For years, Xen and VMware have been the virtualization technologies of choice for open source operating system (OS) vendors. With Red Hat’s acquisition of Qumranet last Friday and its competing Kernel-based Virtual Machine (KVM) open source hypervisor, the winds of change may be blowing.
The open source virtualization market is heating up.
While Red Hat is now betting at least $107 million that KVM is the future of virtualization, other vendors in the open source virtualization space aren’t so sure.
Red Hat executives claim it’s not a hypervisor war, and they are now engaged in a battle with only one other vendor that has an end-to-end platform, namely Microsoft. Among those that participate in the open source virtualization market, Citrix, Sun, Novell, VMware and Oracle all have a stake, and few agree with Red Hat’s vision.
Simon Crosby, the CTO of Citrix’s virtualization and management division in particular has some harsh views on Red Hat’s virtualization market positioning. In his view, Red Hat is an OS vendor, and its direct competitors are other OS vendors like Novell and Oracle on the Linux side and Microsoft on the Windows side.
“They do not compete in the market for bare-metal or general purpose virtualization systems and certainly have nothing to do with the broader application delivery space. Crosby told InternetNews.com. “Their only interest is getting some level of virtualization built into the Linux OS so that Red Hat Linux is not at an even further disadvantage to Microsoft once Hyper-V begins shipping as part of Windows Server.”
Crosby argued that it is Citrix’s belief that the majority of the market will want bare-metal virtualization systems like XenServer and VMware ESX with some segments wanting virtualization built into the Windows OS through Hyper-V.
Crosby did acknowledge that Red Hat has been a useful contributor in the Xen.org
project and that Xen is an integral part of Red Hat Enterprise Linux (RHEL) version 5. Red Hat has already publicly stated that it will continue to support Xen as part of RHEL.
However Red Hat has argued KVM can offer certain management and performance gains over Xen, which is also something with which Crosby takes issue.
“KVM benchmarking is extremely selective,” Crosby commented. “Where it does benefit in performance, it does so by sacrificing what we view as fundamental security concerns for enterprise virtualization deployments. Xen’s deep separation of trust domains costs a bit in performance but provides the hard-line separation required for any secure deployment of virtualization.”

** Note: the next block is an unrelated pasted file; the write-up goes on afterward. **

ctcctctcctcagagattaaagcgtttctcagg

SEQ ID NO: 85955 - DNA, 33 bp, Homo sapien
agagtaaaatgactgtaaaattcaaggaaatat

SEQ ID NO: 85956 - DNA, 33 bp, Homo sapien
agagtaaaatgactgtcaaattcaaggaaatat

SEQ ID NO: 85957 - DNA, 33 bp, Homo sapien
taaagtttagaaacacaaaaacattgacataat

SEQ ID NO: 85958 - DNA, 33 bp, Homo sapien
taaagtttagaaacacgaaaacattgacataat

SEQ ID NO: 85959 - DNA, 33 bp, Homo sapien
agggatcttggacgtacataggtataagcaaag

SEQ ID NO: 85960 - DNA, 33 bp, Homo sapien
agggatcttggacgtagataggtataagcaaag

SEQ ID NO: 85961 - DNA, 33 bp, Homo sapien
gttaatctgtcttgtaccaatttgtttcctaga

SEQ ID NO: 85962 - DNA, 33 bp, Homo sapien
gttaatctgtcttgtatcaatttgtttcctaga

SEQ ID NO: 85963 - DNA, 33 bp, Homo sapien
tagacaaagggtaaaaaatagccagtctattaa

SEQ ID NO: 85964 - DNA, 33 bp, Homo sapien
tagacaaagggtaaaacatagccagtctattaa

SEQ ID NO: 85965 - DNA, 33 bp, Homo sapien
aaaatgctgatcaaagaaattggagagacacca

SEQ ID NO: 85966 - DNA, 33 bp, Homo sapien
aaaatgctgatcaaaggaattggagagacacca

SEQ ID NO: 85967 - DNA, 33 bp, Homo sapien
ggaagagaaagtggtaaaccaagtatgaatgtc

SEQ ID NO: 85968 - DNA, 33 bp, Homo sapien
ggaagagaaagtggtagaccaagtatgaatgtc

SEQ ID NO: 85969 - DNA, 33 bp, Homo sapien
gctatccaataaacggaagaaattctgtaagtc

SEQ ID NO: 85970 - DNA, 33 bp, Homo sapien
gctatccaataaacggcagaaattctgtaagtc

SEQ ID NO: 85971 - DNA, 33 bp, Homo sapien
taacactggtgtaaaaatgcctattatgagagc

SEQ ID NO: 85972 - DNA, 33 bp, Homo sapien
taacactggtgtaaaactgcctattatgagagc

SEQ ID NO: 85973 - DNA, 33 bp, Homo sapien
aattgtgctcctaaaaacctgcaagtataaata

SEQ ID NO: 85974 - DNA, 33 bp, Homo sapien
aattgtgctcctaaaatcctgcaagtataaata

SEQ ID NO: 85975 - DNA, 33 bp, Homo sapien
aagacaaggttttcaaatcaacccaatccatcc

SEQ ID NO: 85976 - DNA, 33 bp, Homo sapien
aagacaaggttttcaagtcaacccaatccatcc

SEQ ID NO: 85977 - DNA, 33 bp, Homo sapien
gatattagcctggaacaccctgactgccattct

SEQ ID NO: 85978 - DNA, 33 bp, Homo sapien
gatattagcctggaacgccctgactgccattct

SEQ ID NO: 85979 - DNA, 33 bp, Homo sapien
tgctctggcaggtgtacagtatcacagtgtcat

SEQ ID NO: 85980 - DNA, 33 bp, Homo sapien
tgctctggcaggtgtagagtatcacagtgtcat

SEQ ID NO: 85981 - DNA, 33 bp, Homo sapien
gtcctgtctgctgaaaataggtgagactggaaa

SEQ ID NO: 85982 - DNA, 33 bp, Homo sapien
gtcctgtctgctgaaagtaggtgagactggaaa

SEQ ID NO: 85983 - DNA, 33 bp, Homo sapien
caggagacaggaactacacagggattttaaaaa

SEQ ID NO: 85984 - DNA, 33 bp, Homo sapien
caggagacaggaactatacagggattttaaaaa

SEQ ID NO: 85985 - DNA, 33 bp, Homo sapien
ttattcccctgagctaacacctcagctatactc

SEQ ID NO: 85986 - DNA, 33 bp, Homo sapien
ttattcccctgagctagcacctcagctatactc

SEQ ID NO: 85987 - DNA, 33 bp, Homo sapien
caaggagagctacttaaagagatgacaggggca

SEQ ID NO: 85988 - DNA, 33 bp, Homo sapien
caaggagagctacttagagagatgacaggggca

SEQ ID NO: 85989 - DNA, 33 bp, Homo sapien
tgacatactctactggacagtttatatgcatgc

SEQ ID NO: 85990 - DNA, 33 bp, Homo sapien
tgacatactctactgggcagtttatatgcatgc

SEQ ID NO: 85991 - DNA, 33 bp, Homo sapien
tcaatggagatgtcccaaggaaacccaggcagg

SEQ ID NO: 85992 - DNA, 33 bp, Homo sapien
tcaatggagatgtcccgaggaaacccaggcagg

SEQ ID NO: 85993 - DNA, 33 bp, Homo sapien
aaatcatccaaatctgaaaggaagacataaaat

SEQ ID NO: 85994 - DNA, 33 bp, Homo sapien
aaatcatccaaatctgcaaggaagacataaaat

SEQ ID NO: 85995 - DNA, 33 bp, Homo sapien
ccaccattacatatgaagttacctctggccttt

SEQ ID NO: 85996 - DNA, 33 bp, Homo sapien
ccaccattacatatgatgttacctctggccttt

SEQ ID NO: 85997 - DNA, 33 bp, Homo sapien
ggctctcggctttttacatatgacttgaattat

Crosby argued that in general KVM is only as secure as the Linux host OS, which is where the weaknesses may lie.
“We believe that the KVM / Linux model for virtualization is insecure at a fundamental level,” Crosby claimed. “And any performance gains that Red Hat claims will be due to the inclusion in the Linux kernel of eminently attackable code.”
Novell Supports KVM, to a Point
Red Hat isn’t the only Linux vendor backing KVM though, Novell is also a contributor to the KVM project and KVM is already part of openSUSE. Novell spokesperson Ian Bruce noted that Novell will continue to work with the Linux kernel and KVM community, and provide maintenance for the open source KVM community project. That said, Novell does have some concerns.
“We see KVM as an interesting developing technology,” Bruce told InternetNews.com. “However, today KVM is still in the first stage of development and does not yet provide the same scalability, security, availability as well as the interoperability of the Xen hypervisor. KVM has not gone through the enterprise enablement and enterprise testing necessary to provide a support statement from Novell.”
Bruce also noted KVM relies on strong CPU performance with very limited support for para-virtualization. As such, Bruce argued it is difficult to achieve top performance in a KVM virtualized environment without powerful hardware underneath. Conversely, in his view, Xen offers strong support for para-virtualization for modified Windows guests and modified Linux guests to achieve near-native performance.
Sun Has a Different Take
Beyond just Novell and Red Hat, Xen is also a strategic technology for Oracle as well as Sun. Oracle was unavailable for comment about the impact that KVM may have on its business.
Sun, however, isn’t concerned. Vijay Sarathy, senior director of marketing, Sun xVM told InternetNews.com that KVM is relevant only to Linux.
“Sun’s virtualization strategy is more heterogeneous and Xen’s architecture is more suited to that end,” Sarathy explained. “For example, with our xVM Server, a type 1 hypervisor, we have been able to integrate the Xen hypervisor with OpenSolaris in dom0 to enable Windows, Linux and Solaris guests to take advantage of the combined benefits.”
Red Hat’s KVM will also eventually compete against offerings from VMware as well. Red Hat and VMware are also partners, which is something that is not expected to change by VMware as a result of Red Hat’s acquisition of Qumranet.
Dan Chu, vice president of emerging products and markets at VMware, told InternetNews.com that VMware has actually also worked with KVM on virtual machine disk formats and will continue to do so. However, Chu argues that the underlying operating system is not the key to hypervisor market success.
“Customers have been clear that they want an optimized thin virtualization layer that supports all of their environments, regardless of OS or application vendor,” Chu said. “As opposed to having silos for each operating system or having a hypervisor that is built on a general-purpose OS that has to been taken down every time they patch the operating system. Having a bare-metal hypervisor like ESX which is optimized for all the major operating systems and application environments is what the market wants.”
This article was originally published on InternetNews.com.